Could a Redefined Federalism Have Prevented the Financial Crisis?

In sharp contrast to the rhetorical emphasis placed on federalism and states’ rights by Reagan/Gingrich era conservatives, George W. Bush has engineered a dramatic reversal of long-standing, bipartisan positions against federal preemption in many critical areas. Whereas his conservative predecessors endorsed a vision of federalism in which the federal government had little authority to overrule states, Bush’s administration has embraced a system in which federal action, or even federal inaction, trumps states’ efforts to protect their citizens’ health, welfare and environment from corporate misconduct.

Nowhere are the dangerous consequences of this approach more glaringly evident than in the current financial crisis.

This week’s proposed historic bailout of the US financial institutions is only the latest development in a broader, ongoing financial crisis, which largely started with the collapse of sub-prime mortgage lenders earlier this year.

What many do not realize, however, is the extent to which state lawmakers across the Nation attempted to protect consumers from predatory lending practices in recent years, only to be blocked by the Bush administration. Facing a rapidly-escalating foreclosure crisis states sought to restrict predatory lending practices both through their own laws and by calling on Federal Reserve to tighten regulations on the mortgage industry at the federal level. These state officials were stymied at every turn by the Bush Administration. Former NY Governor and Attorney General Elliot Spitzer (discredited for unrelated reasons) put it this way in a February 2008 op-ed in the Washington Post:

Not only did the Bush administration do nothing to protect consumers, it embarked on an aggressive and unprecedented campaign to prevent states from protecting their residents from the very problems to which the federal government was turning a blind eye.

Let me explain: The administration accomplished this feat through an obscure federal agency called the Office of the Comptroller of the Currency (OCC). The OCC has been in existence since the Civil War. Its mission is to ensure the fiscal soundness of national banks. For 140 years, the OCC examined the books of national banks to make sure they were balanced, an important but uncontroversial function. But a few years ago, for the first time in its history, the OCC was used as a tool against consumers.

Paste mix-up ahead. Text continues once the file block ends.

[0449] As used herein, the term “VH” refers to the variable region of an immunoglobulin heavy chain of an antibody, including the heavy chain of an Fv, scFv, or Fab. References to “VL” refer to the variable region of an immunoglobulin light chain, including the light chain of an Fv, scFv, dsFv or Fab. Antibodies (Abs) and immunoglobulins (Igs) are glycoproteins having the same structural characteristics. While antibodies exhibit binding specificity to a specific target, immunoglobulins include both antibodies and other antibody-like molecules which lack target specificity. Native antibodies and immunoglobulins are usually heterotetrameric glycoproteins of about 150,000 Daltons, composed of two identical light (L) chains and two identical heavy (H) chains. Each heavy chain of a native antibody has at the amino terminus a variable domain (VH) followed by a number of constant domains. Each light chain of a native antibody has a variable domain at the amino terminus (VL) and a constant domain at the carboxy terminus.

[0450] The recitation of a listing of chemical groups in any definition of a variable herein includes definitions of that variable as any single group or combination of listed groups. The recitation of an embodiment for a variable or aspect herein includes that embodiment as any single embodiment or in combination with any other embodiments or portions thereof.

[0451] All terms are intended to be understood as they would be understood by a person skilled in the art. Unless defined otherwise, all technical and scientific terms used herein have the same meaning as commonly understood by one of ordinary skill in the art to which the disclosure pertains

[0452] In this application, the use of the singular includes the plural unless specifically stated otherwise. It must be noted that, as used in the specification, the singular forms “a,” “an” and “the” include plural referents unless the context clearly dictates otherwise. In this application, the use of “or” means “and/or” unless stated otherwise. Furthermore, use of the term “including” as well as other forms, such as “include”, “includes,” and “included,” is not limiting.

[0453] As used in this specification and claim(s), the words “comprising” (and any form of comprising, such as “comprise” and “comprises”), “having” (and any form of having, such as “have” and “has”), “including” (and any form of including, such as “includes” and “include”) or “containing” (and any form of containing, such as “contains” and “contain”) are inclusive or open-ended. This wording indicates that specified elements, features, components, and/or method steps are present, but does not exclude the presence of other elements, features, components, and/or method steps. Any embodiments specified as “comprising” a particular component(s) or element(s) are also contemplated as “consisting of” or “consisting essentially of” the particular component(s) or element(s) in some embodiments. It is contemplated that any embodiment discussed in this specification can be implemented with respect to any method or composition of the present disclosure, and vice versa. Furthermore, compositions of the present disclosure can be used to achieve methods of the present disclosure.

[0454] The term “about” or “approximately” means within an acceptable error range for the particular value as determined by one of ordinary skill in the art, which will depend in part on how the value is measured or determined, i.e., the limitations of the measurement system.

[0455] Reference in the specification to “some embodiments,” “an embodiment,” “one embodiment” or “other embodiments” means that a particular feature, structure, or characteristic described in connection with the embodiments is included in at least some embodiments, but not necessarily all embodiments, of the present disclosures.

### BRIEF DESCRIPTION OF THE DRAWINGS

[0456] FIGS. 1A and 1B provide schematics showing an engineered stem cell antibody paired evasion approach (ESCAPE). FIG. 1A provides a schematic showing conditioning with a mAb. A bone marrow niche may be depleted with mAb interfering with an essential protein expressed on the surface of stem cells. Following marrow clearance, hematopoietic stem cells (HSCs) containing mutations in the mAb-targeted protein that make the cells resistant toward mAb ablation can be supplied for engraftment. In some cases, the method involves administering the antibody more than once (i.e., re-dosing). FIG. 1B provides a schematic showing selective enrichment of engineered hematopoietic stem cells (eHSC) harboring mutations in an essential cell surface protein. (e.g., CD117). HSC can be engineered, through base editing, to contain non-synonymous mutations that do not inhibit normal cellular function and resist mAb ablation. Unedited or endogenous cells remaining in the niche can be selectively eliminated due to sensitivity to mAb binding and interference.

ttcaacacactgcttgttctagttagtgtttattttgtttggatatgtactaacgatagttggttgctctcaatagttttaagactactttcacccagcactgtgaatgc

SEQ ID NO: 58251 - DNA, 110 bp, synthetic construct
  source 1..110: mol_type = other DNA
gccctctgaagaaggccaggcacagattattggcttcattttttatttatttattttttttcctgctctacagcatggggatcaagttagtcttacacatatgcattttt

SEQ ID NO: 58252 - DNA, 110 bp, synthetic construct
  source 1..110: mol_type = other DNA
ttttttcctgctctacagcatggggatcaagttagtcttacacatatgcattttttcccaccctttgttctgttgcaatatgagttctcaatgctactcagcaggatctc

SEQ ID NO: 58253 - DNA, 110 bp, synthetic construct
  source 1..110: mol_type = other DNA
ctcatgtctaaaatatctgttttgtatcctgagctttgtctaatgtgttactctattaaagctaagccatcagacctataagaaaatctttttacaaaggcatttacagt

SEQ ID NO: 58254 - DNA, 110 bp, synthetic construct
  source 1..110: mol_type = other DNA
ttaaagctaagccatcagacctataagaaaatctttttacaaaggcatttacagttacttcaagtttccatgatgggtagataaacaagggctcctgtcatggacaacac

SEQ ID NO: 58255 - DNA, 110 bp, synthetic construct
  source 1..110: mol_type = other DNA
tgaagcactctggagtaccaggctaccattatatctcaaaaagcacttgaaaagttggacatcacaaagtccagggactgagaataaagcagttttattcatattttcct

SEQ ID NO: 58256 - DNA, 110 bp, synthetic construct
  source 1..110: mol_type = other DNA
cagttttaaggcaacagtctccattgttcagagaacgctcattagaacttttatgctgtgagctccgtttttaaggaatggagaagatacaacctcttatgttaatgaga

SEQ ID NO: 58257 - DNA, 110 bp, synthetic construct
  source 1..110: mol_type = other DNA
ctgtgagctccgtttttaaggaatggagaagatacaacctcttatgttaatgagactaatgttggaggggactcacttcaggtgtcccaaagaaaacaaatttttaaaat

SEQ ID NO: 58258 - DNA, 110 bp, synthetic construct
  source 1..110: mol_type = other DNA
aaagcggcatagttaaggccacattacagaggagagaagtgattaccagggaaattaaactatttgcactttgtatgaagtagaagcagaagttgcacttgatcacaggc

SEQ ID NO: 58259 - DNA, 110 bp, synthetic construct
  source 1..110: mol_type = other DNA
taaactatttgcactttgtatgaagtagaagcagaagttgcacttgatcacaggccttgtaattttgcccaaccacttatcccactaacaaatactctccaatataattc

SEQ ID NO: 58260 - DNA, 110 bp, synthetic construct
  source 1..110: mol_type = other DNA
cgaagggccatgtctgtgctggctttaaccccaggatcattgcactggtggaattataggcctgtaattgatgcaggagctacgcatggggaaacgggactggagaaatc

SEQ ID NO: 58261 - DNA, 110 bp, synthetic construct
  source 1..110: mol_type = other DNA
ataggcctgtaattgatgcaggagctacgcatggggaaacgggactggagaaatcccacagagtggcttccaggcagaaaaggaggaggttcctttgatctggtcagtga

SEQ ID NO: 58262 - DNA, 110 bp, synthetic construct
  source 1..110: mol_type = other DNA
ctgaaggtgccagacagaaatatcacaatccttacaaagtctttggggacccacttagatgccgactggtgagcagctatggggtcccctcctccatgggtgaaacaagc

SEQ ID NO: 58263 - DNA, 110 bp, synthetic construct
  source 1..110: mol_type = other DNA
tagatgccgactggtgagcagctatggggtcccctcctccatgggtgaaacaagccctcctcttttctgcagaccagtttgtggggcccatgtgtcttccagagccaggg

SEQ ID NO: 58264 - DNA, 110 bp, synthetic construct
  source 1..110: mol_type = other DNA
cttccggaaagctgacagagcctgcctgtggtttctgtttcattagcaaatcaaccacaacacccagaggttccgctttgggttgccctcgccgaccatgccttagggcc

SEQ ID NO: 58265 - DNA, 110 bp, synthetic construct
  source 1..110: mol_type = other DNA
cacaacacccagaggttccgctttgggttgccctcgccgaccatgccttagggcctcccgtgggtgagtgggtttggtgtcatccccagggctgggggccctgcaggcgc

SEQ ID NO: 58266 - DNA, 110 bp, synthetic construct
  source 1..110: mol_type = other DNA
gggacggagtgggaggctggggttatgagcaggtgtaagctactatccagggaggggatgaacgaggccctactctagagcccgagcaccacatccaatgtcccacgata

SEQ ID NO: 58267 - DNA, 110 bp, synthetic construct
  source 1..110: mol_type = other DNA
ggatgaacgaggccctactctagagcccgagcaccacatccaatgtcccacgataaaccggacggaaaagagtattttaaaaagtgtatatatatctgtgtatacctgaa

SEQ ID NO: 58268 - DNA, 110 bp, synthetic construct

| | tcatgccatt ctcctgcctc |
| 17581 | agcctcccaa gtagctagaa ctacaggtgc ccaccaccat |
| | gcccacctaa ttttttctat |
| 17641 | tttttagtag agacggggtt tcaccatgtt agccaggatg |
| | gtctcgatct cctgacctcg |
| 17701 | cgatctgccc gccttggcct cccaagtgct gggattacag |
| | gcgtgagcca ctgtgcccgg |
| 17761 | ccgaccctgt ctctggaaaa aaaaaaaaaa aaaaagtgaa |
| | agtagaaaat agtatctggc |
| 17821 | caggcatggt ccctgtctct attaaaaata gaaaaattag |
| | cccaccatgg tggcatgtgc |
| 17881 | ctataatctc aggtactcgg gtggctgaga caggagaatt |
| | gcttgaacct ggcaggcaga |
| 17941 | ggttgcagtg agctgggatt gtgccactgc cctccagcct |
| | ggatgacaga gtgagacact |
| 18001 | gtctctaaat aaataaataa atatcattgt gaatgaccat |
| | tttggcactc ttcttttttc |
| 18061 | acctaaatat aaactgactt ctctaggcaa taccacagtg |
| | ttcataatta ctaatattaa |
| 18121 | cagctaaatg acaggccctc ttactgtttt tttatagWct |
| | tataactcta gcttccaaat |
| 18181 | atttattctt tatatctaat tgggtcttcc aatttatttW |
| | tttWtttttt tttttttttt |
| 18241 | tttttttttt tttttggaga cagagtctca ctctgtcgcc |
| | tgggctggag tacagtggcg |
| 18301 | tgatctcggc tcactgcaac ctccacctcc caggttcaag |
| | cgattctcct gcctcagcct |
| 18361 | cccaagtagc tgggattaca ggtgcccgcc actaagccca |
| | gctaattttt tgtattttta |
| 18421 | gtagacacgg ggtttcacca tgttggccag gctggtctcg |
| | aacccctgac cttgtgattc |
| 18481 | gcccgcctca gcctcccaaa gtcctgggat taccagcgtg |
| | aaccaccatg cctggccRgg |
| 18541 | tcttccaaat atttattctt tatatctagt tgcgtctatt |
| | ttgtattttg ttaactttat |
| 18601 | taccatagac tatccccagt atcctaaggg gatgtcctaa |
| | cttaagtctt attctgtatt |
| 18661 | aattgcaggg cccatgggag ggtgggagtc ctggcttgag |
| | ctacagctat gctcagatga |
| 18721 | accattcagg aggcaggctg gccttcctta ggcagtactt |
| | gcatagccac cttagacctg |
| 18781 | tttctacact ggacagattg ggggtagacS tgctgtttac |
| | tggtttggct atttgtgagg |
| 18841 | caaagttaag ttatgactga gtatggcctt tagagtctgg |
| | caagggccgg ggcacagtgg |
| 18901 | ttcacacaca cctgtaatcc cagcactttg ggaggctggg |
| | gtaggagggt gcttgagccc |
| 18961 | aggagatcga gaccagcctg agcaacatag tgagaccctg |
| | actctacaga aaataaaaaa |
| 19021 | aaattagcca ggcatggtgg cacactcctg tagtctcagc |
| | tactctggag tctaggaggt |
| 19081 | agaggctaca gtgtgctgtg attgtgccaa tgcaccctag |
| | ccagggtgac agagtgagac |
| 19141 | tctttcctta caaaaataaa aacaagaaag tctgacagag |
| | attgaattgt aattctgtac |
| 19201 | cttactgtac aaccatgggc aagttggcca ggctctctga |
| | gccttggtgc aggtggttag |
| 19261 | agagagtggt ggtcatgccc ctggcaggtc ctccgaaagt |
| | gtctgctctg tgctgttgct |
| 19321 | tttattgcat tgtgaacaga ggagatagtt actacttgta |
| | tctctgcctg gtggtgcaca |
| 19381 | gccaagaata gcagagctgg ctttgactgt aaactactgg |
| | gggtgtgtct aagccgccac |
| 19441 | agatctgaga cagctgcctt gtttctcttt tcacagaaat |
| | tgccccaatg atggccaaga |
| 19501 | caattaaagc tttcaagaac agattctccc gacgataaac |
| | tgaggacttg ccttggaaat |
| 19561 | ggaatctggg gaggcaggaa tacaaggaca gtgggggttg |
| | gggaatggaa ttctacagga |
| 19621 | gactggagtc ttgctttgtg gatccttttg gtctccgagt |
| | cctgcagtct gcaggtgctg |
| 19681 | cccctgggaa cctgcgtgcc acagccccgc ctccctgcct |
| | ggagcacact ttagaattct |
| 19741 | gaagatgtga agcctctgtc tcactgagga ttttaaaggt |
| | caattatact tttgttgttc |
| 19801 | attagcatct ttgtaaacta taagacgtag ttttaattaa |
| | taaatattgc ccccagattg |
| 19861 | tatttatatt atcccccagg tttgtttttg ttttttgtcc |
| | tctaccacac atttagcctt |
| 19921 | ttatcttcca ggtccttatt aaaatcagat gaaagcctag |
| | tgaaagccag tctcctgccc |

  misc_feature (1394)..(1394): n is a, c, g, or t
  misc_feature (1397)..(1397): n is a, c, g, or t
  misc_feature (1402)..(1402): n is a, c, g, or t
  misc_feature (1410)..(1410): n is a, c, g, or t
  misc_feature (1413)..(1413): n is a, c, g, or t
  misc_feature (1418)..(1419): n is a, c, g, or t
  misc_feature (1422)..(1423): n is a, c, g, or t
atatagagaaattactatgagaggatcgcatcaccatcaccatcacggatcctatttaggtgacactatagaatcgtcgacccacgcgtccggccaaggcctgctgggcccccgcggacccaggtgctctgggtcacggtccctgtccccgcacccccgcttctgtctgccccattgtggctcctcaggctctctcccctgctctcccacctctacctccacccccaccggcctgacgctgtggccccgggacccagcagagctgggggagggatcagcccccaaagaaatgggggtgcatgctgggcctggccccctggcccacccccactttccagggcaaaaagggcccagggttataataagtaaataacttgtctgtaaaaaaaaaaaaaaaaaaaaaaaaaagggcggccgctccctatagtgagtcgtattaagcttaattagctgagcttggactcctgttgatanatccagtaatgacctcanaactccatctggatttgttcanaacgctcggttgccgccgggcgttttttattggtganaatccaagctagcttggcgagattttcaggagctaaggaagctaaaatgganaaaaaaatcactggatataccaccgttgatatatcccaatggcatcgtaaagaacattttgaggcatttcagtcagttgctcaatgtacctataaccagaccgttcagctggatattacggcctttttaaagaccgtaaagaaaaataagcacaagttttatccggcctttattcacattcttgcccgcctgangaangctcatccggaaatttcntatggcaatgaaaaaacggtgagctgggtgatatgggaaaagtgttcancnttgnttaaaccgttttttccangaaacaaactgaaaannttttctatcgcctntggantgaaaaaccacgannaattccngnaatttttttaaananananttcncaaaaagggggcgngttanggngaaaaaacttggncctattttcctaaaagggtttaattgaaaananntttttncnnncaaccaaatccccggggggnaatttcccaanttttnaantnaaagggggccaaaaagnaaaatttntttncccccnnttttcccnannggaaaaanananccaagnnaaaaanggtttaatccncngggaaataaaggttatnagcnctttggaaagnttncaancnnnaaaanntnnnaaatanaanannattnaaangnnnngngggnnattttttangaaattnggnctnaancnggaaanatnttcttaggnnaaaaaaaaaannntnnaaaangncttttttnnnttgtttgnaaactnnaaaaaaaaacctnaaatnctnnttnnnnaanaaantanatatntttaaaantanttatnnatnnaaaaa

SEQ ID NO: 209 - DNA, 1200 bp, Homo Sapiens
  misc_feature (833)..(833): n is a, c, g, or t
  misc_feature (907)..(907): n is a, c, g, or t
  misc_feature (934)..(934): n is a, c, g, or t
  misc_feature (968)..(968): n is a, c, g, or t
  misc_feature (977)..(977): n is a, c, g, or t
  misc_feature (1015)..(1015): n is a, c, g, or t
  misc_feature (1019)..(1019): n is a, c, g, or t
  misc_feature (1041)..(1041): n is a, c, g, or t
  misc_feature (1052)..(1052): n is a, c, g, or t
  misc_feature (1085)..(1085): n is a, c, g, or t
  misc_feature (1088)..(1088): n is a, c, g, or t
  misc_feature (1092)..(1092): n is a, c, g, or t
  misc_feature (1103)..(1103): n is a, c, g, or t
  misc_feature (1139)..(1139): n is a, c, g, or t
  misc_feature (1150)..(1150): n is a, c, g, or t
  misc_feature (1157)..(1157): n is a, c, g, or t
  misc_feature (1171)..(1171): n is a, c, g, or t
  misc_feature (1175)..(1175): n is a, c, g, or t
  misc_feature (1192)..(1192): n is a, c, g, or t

In 2003, during the height of the predatory lending crisis, the OCC invoked a clause from the 1863 National Bank Act to issue formal opinions preempting all state predatory lending laws, thereby rendering them inoperative. The OCC also promulgated new rules that prevented states from enforcing any of their own consumer protection laws against national banks. The federal government’s actions were so egregious and so unprecedented that all 50 state attorneys general, and all 50 state banking superintendents, actively fought the new rules.

Despite the fight waged by state officials, the OCC got its way. In a deeply splintered 5-3 ruling in Watters v. Wachovia Bank (2007), the Supreme Court upheld 2004 OCC regulations that preempted any state effort to regulate national banks or their subsidiaries even in the absence of federal protections against predatory lending, a decision that left the Nation’s mortgage industry in a regulatory vacuum.

The ensuing collapse of the financial industry and the need for a $700 billion taxpayer buyout thus highlights the fundamental dangers of the Bush administration’s use of its power to displace states as an ideological weapon. Rather than envisioning a system in which the federal government says to states “we’re not regulating, so you can’t either,” the framers sought a complimentary system where the federal government would be empowered to address national problems while states would generally remain free to operate (as Justice Louis Brandeis eloquently argued in 1932) as “laboratories” of government innovation and democracy.

That’s the vision of federalism Constitutional Accountability Center advanced in our book Redefining Federalism: Listening to the States in Shaping Our Federalism, and our project of the same name. The financial crisis illustrates how desperately we need a president that values the critical role states play in our constitutional structure.